284284 2014 John Wiley & Sons Ltd. THE CLINICAL TEACHER 2014; 11: 284289
Online assessment: what infl uences students to engage with feedback? Alan Stone, Cardiff University School of Medicine , Cochrane Institute of Primary Care and Public Health , Cardiff , UK
SUMMARY Background : The intention of giving written feedback is to close the gap between the standard achieved and the standard desired, but students do not always read it. Web-based marking tools are increasingly being used in assessment practices to deliver the feedback. What motivates students to read the feedback provided, especially since the advent of these online marking tools, is poorly under-stood. This research looked at the factors likely to infl uence a medical student s engagement with written feedback delivered through an online marking tool ( grademark by Turnitin).
Methods : Third-year medical students on a UK undergraduate medical course submitted an assignment online. A question-naire was distributed to a cohort of them following the release of their results and feedback, allowing quantitative and qualitative data collection. Software recorded whether they opened their feedback. Previous examination performance fi gures were also collated. Results : Online feedback is accessible and acceptable to the majority of students. Personal demographics, computer literacy, previous course performance, or personal motivational drivers did not predict those who did or did
not read it. Some students reported seeing little value in feedback because of their previous negative experiences. A minority found feedback hurtful, and were likely to show avoid-ance behaviours. Discussion: This research found that feedback provided through an online marking tool overcame many of the problems associated with handwritten feedback, but alone was not enough to ensure universal engagement. Feedback dialogues are proposed as a method to overcome negative student experiences, enhance tutor performance and encourage future student engagement.
What motivates students to
read the feedback provided
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Effective feedback needs to be provided in a meaningful way and must be read, understood and acted upon by the student. The introduction of online technologies for giving feedback poses new challenges to students, and it is uncertain whether this will result in improved outcomes.
In this medical school, students upload a written assignment during their general practice rotation. Following this, annotated feedback is provided along with a mark. It was noted that the software showed that not all students opened their feedback for long enough to read and make sense of it.
Previous research has shown that most students positively rate formative feedback provided through e-assessment tools. 1 It has also been shown that medical students with poorer marks were less likely than higher performers to collect handwritten feedback. 2 This study assessed whether students opened their online feedback and looked for predictors of who would do so.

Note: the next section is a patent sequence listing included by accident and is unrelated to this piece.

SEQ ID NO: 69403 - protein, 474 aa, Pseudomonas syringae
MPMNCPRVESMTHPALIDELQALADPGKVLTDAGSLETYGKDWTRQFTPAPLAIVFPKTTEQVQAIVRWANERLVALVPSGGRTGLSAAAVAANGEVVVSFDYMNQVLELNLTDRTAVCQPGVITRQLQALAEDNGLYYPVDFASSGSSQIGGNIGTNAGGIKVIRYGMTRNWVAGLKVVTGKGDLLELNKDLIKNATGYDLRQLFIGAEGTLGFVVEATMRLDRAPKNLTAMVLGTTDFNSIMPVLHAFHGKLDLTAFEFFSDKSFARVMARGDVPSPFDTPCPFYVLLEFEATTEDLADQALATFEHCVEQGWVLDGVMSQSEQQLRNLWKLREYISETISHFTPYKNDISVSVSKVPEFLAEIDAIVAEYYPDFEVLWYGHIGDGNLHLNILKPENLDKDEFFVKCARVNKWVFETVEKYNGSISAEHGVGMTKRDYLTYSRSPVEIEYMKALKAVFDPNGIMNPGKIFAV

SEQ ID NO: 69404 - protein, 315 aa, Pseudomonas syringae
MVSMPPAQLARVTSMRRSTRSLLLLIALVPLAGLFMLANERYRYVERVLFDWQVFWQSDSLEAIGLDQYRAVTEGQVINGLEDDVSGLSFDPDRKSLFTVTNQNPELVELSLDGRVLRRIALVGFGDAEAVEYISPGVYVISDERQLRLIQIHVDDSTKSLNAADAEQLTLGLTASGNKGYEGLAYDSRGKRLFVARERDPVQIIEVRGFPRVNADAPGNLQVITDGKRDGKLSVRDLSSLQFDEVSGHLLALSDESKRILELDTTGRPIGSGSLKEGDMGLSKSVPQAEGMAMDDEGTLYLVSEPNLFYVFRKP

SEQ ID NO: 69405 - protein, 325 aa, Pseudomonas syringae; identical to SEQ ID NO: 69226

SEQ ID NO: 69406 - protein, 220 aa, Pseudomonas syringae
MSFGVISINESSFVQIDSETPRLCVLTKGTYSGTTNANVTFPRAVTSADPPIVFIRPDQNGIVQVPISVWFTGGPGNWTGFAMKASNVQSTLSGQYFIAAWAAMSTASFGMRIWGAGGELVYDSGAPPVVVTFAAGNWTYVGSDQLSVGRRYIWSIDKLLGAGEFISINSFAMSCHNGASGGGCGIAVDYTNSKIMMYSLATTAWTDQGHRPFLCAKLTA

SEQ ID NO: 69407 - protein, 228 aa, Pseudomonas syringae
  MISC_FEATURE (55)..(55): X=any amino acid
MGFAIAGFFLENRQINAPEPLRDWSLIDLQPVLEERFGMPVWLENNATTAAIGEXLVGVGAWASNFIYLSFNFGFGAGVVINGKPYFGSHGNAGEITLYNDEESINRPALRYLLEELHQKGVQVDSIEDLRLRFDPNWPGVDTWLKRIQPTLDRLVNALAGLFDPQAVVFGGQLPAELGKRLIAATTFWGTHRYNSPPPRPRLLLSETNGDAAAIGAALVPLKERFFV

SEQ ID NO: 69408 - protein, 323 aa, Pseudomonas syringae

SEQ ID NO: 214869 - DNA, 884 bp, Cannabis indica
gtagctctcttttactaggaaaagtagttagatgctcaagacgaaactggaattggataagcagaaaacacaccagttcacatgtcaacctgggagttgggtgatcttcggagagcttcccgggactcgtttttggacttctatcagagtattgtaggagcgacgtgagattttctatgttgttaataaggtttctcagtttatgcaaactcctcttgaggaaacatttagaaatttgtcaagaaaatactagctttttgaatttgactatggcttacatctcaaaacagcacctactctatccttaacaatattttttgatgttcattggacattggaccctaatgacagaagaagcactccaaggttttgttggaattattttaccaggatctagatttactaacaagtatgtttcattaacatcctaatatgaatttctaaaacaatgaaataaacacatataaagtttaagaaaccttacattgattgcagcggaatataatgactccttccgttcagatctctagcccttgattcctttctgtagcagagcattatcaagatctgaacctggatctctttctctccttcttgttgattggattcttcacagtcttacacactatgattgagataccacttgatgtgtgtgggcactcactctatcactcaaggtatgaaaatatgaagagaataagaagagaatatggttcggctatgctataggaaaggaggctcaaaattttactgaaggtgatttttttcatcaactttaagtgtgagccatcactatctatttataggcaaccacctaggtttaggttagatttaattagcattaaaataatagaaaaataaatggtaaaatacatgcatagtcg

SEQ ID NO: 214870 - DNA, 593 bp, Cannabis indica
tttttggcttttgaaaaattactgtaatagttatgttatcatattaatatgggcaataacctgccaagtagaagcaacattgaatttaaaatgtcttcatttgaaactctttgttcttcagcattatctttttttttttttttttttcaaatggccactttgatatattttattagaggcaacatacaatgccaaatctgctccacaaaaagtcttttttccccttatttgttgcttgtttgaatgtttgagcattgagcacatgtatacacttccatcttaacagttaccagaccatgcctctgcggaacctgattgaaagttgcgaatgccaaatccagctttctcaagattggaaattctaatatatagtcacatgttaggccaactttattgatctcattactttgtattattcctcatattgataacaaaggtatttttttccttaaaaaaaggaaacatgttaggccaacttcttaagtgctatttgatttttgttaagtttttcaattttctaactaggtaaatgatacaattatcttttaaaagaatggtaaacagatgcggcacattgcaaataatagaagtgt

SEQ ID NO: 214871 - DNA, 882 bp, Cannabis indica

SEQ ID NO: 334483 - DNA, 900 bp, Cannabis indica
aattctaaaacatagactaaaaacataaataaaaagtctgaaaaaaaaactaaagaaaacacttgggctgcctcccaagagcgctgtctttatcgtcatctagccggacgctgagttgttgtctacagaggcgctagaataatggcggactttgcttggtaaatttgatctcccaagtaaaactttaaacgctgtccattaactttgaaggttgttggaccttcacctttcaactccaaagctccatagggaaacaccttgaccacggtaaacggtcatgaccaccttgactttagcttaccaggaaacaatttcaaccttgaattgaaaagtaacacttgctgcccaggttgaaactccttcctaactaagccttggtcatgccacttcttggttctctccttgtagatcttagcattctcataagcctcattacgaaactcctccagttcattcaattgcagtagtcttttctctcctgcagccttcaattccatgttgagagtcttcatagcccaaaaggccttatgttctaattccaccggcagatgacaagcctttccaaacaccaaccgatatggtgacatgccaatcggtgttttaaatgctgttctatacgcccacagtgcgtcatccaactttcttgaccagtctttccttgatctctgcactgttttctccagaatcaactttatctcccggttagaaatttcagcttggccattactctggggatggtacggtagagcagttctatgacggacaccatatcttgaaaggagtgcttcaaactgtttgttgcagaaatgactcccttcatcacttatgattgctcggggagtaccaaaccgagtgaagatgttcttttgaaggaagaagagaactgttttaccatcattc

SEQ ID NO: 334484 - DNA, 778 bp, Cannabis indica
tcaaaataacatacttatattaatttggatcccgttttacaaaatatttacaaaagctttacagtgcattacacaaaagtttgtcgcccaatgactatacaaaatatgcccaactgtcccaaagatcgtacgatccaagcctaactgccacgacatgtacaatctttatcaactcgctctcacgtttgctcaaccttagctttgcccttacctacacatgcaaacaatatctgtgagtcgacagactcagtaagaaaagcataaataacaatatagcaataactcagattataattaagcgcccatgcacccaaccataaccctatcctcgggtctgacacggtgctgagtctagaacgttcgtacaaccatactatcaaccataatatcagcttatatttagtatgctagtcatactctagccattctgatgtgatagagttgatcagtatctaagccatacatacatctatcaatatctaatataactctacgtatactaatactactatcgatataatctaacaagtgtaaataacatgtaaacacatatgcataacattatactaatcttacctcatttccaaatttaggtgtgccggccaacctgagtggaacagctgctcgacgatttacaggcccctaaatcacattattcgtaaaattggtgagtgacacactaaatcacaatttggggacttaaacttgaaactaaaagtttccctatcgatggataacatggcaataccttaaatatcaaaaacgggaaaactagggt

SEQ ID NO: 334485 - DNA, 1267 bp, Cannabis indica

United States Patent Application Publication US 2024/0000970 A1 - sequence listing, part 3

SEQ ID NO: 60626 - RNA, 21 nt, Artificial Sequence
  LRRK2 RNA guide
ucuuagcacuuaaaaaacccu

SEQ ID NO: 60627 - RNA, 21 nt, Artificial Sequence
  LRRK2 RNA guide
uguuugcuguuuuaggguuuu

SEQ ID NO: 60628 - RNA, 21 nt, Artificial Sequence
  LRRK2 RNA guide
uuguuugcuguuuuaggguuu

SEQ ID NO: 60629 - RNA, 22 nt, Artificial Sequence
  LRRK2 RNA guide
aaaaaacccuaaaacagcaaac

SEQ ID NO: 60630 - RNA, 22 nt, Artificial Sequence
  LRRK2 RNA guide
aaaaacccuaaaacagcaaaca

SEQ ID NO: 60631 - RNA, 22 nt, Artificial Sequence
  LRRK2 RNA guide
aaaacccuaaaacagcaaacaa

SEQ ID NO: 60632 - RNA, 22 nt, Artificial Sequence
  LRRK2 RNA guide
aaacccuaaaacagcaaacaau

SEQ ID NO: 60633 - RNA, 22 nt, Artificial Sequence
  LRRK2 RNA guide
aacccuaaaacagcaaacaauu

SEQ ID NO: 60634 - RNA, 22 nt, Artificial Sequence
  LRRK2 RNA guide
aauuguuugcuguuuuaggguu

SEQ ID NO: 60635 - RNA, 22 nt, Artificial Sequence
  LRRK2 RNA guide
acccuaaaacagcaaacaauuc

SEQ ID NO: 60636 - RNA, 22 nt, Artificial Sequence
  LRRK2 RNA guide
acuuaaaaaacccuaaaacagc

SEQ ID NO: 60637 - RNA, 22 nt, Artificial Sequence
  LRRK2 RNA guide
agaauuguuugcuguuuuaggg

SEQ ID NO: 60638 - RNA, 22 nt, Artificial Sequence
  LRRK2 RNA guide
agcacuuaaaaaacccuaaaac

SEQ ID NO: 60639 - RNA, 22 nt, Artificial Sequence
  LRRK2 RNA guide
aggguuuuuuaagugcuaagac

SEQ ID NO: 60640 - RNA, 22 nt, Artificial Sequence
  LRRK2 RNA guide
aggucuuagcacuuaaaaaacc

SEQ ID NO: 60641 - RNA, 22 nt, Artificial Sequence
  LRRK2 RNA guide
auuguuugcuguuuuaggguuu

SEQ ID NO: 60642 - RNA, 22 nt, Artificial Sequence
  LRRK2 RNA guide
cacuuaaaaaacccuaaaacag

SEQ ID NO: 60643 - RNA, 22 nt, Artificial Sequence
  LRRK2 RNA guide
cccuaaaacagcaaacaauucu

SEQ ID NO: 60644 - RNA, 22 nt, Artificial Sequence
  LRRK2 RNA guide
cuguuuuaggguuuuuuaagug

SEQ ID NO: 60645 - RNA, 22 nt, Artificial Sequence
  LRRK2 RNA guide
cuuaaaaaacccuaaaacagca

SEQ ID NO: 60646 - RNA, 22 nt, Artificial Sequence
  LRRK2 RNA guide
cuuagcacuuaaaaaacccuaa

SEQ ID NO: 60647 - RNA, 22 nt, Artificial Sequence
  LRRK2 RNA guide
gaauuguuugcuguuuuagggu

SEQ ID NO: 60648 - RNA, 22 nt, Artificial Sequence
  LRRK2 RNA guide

The literature identifi es personal demographics, student attitudes towards the course, personal motivational drivers, engagement with the course and previous academic performance as predictors of academic achieve-ment. 3 Computer literacy can affect the ability of a student to access elearning materials. 4 In addition, a student s previous experience of feedback is also likely to infl uence future behaviours. 5
A cohort of students from year 3 of a UK medical course was in-vited to complete a questionnaire after they received their results and feedback on a submitted piece of work. The questionnaire used key questions from tools
that had been validated in other institutions. Free-text comments were also requested for qualita-tive analysis. A manual copy was also posted out so that less tech-nologically competent students were also sampled.
Questions extracted from Vallerand s Academic Motivation Scale were used for assessing student motivation. 3 Questions adapted from Students Perceptions of Clinical Attachments were used for the assessment of the learning environment. 6 The students ability to use the information technology tool was assessed using questions adapted from the Student Perception of eassess-ment Questionnaire. 7 The sensitivity of the student and utility of the feedback were informed using The Instructional Feedback Orientation Scale. 5 Students were also asked how long they spent looking at their feedback.
The software recorded whether the students had accessed their feedback for greater than 30 seconds. The software program uses this time period as an indicator that a student has looked at the mark but not allowed a long enough time to adequately read the feedback. The students were ranked into quartiles dependent on their performance in the last set of major examinations. Correlational analysis of the quantitative data was performed using Spearman s rho. Thematic analysis was used to assess the free-text comments of the students.
A high response rate to the questionnaire was achieved, with 81 per cent of the cohort completing the questionnaire. Eighty-eight per cent of all the students sitting this assignment (including non-respondents) opened their feedback for longer
than 30 seconds. All of the stu-dents self-reported reading their feedback. The nine students who did not read their feedback were evenly distributed between the higher and lower academic achievers. All three students who failed their assignment read their feedback. The raw data are presented in Table 1 . Some students failed to answer all questions.